E.Ziff: When I was writing that episode, I think Alice Smith had sent me a demo or something and I heard that song and I was like “Oh my god, this is totally the fucking song!” It’s amazing! So, I just had to figure out where I was going to place it, after they had filmed it. I wanted it to crescendo, and I wanted it to end just as the black comes, cause usually you have the music that plays over the closing credits. But, I think that was a really great use of that song. I honestly get really excited about finding the right song for the right moment.
Jess:You recorded this album while undergoing chemotherapy. How did you find the energy to get out of bed let alone sing?
E.Ziff: Yea, I was pretty much in the throws of it… it was pretty brutal. It was in the first 3 months of my chemo, and chemo is cumulative. I was also smoking a lot of pot, and I’m not a big pot smoker but it was the only thing that really helped. Basically, I just sort of sat up and sang. It was hard for [producer] David Maurice because he didn’t know when to push me and when not to, but I think the vocals turned out well… but I don’t remember doing them.
Jess: What’s your favorite track on Bright & Dark?
E.Ziff: Well, it always changes but I really like “Raw.” I think it’s a great lyric, my sister [Amy Ziff] wrote the lyrics. We did a video of ”Did You Tell Her” and the next video we’re probably going to do is “A Fix Of You.”
Jess: Are there any songs on the record that are particularly personal to you?
E.Ziff: “Jesus” is pretty personal. Originally I had written it about a man, and then I changed it to be about a woman. It was about an old-time boyfriend that I knew many many many years ago, but he was gorgeous and he looked how I thought Jesus would’ve looked. Long hair, beard, mustache but really beautiful. Now, because I’ve been a lesbian for so long it’s interesting to be talking about different attractions. I always considered it a genderless song – for whoever was listening to it, it’s just about being attracted to someone who you’re not supposed to be attracted to really. So, we originally recorded it [in 2006] with the pronoun being a female because Amy & Alyson wanted me to do that, and then we re-recorded it for the record, and our producer said “Why don’t you just use the word –you-“ [so the song remains genderless as originally intended].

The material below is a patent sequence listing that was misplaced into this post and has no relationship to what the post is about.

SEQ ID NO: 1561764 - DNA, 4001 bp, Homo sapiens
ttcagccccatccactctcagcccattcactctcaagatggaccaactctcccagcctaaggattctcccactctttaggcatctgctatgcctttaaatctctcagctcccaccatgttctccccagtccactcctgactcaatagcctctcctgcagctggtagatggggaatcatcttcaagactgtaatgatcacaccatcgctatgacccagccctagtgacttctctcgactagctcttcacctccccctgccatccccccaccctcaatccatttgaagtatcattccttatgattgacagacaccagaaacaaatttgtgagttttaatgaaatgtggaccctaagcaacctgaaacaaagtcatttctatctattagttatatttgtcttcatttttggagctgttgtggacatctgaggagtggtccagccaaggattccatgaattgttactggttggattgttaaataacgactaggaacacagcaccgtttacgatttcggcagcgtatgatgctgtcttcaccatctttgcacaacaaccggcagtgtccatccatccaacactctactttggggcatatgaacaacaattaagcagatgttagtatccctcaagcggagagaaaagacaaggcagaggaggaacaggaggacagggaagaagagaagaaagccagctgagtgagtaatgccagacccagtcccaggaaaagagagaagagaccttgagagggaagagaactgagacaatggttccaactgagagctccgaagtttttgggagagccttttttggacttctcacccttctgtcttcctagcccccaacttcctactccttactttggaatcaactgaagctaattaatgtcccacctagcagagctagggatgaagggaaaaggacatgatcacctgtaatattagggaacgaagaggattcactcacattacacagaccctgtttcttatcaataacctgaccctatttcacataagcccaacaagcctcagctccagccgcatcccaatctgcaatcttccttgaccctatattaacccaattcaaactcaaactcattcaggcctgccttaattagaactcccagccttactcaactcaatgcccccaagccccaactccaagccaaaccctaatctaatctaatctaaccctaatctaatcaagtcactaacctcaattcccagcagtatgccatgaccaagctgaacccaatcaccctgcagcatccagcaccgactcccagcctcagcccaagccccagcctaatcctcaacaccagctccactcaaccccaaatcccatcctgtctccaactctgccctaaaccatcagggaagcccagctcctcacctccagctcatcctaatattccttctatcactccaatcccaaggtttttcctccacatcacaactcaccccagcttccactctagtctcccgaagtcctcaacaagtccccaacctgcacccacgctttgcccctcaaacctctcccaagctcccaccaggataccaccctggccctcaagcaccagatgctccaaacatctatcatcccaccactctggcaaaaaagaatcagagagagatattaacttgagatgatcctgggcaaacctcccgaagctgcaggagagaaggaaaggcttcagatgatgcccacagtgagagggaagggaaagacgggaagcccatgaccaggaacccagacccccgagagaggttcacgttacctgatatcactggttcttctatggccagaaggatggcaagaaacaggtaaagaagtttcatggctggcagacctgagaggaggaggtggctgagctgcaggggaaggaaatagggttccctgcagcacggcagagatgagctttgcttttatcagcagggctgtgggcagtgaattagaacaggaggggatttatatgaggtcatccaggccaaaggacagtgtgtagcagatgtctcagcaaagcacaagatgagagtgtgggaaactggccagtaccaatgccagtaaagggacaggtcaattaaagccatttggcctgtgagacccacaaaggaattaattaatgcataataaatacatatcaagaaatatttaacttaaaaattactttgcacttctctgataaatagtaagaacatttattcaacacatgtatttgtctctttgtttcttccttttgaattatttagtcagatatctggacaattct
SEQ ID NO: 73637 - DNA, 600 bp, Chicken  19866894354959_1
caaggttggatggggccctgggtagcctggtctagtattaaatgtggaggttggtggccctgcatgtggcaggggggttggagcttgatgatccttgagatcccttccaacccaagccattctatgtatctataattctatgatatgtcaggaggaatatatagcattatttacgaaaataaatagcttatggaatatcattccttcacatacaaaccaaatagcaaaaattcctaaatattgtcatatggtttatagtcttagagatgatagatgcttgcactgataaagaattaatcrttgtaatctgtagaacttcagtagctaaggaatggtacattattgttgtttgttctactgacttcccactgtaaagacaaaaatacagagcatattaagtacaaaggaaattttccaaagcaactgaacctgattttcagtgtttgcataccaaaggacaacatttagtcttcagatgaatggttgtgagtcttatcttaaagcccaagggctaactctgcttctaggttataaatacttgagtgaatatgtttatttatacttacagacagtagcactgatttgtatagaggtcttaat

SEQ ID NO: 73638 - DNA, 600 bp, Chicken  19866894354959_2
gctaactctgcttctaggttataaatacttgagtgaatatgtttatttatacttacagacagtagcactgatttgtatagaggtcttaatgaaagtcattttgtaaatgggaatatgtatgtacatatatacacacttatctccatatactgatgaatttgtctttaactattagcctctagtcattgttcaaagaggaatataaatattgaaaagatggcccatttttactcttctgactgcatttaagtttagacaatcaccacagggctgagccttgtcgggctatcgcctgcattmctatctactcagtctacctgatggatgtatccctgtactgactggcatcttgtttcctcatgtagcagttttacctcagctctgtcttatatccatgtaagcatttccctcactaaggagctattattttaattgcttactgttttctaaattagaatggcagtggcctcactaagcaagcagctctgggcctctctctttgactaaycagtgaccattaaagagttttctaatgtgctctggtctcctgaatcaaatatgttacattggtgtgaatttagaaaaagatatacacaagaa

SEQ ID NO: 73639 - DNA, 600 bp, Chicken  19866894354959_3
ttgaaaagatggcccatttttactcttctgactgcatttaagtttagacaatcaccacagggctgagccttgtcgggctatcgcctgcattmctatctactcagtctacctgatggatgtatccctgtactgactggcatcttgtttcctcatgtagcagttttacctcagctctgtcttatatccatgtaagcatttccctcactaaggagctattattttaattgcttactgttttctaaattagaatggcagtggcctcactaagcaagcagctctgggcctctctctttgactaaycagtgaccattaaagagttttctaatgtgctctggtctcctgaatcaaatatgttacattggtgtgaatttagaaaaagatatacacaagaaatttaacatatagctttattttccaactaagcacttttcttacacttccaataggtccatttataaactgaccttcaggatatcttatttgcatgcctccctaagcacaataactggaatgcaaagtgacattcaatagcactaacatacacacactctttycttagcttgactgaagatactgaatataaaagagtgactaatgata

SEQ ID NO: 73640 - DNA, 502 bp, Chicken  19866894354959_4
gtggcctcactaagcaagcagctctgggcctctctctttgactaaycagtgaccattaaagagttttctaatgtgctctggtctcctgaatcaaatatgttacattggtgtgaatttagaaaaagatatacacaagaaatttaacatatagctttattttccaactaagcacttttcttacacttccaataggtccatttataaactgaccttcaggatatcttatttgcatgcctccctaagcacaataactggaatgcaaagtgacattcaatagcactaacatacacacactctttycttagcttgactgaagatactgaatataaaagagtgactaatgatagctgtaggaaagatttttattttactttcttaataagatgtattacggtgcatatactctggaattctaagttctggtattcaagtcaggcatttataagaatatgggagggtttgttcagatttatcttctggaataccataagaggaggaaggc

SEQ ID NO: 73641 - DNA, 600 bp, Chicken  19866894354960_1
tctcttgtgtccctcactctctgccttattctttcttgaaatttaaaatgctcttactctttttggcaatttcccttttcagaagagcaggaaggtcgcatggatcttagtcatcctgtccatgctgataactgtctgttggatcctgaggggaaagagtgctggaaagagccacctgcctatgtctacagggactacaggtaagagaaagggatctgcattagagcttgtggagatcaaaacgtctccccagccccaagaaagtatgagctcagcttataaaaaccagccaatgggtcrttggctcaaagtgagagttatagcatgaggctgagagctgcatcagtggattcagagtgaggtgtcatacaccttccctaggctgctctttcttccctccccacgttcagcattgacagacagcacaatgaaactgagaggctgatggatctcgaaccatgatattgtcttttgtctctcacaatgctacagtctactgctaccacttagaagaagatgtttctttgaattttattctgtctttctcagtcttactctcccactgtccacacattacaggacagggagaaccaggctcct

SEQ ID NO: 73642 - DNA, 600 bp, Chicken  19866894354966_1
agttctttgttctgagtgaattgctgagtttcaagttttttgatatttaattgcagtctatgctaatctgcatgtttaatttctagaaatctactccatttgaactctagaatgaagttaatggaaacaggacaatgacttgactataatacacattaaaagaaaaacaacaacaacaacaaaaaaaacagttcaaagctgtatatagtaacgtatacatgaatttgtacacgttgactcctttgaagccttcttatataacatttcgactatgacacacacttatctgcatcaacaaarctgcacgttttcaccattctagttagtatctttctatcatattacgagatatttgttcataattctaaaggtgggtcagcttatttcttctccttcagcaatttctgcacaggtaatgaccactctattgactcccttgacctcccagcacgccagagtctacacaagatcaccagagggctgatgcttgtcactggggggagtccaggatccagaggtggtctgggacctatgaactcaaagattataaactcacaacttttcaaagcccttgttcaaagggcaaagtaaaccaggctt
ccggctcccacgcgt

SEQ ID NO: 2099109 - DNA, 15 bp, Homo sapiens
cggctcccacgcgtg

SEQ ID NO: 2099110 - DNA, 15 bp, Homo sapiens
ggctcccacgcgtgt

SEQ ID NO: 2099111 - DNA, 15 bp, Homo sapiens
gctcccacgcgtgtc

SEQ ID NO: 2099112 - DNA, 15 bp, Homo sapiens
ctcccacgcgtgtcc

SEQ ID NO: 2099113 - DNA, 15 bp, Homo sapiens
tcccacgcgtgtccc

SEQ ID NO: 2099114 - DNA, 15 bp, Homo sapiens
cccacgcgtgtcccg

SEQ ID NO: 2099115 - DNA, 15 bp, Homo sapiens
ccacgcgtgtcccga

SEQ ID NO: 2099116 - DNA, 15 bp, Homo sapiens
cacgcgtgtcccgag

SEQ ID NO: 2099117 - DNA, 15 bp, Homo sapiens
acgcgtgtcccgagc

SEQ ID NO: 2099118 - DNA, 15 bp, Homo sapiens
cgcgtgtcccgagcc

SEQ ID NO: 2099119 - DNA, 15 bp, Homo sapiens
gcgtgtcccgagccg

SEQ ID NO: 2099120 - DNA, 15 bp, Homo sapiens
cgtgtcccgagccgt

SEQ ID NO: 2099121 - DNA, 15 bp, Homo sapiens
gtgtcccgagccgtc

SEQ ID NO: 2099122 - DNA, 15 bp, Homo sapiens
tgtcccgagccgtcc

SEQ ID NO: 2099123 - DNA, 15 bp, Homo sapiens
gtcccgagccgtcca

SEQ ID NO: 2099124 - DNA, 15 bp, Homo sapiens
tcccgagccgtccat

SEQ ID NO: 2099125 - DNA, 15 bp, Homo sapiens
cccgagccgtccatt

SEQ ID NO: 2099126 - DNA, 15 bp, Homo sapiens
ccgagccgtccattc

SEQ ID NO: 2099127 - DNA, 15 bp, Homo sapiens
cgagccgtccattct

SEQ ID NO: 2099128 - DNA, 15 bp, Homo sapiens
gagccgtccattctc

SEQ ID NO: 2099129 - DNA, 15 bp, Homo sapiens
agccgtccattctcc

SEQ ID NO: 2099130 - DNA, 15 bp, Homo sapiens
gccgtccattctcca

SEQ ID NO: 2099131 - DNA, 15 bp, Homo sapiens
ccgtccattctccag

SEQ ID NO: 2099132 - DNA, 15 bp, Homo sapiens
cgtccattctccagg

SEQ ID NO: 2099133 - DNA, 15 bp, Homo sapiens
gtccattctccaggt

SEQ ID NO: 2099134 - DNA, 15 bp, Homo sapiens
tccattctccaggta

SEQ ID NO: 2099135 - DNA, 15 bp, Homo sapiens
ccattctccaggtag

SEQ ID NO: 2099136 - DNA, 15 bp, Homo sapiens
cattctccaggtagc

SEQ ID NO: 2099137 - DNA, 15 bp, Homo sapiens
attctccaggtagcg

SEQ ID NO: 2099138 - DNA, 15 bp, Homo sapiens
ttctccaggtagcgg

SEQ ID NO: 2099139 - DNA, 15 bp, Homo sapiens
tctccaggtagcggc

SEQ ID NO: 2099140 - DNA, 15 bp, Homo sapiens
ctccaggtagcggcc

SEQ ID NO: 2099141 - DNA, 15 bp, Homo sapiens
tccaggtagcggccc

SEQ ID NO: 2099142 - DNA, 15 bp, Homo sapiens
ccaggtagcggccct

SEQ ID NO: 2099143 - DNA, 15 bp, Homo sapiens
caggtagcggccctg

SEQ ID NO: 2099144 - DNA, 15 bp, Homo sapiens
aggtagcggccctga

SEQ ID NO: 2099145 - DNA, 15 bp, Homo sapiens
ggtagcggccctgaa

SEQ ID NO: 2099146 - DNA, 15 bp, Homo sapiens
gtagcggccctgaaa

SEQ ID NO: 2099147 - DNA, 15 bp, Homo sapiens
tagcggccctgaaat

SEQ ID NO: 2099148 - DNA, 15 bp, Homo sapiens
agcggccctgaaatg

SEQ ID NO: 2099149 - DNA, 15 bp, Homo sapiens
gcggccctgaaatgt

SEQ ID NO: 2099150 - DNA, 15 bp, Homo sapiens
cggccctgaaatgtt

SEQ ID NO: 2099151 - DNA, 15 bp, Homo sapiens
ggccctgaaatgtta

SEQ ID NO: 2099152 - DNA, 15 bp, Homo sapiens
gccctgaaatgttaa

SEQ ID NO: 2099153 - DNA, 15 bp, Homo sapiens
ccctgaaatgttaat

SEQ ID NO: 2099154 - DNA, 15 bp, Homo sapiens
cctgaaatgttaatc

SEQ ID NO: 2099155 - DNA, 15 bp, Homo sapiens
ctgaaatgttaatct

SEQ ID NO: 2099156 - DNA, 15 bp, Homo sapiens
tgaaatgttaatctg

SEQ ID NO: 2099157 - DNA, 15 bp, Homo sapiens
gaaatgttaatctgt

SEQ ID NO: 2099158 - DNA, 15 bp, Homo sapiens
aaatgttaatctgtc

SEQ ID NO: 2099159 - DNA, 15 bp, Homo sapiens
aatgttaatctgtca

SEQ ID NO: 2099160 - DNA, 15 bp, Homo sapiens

“A Fix of You” is really personal and I wrote it a long, long time ago when I had a breakup with a longtime girlfriend, like 7 years. I wrote it on the road in like 25 minutes or something. It’s had a lot of permutations over the years but we were able to rediscover it this year. It’s interesting because I don’t really remember singing this record.
Listen to “A Fix of You”
Jess: BETTY’s obviously been around since the 80s but a lot of people were first introduced to the band through the theme song. Does it bother you that a lot people judge the band based off that 1 song?
E.Ziff: I don’t care. We’ve been around forever. We have so many fans that don’t even know what The L Word is. We’ve been on international public radio… I can’t try to control what people think, that’s the last thing I wanna do now, that’s for sure! So, if someone wants to have a preconceived notion – let ‘em.
Fun Fact: The L Word wasn’t BETTY’s first theme song (although it was the first theme song to use the word “fuck”); the group provided theme song & house band services to HBO Real Sex, TLC’s Cover Shot, Comedy Central’s Out on the Edge, Animal Planet’s Ms. Adventure and the HBO/CTW’s children’s show Encyclopedia from 1986. Here’s the opening from Encyclopedia: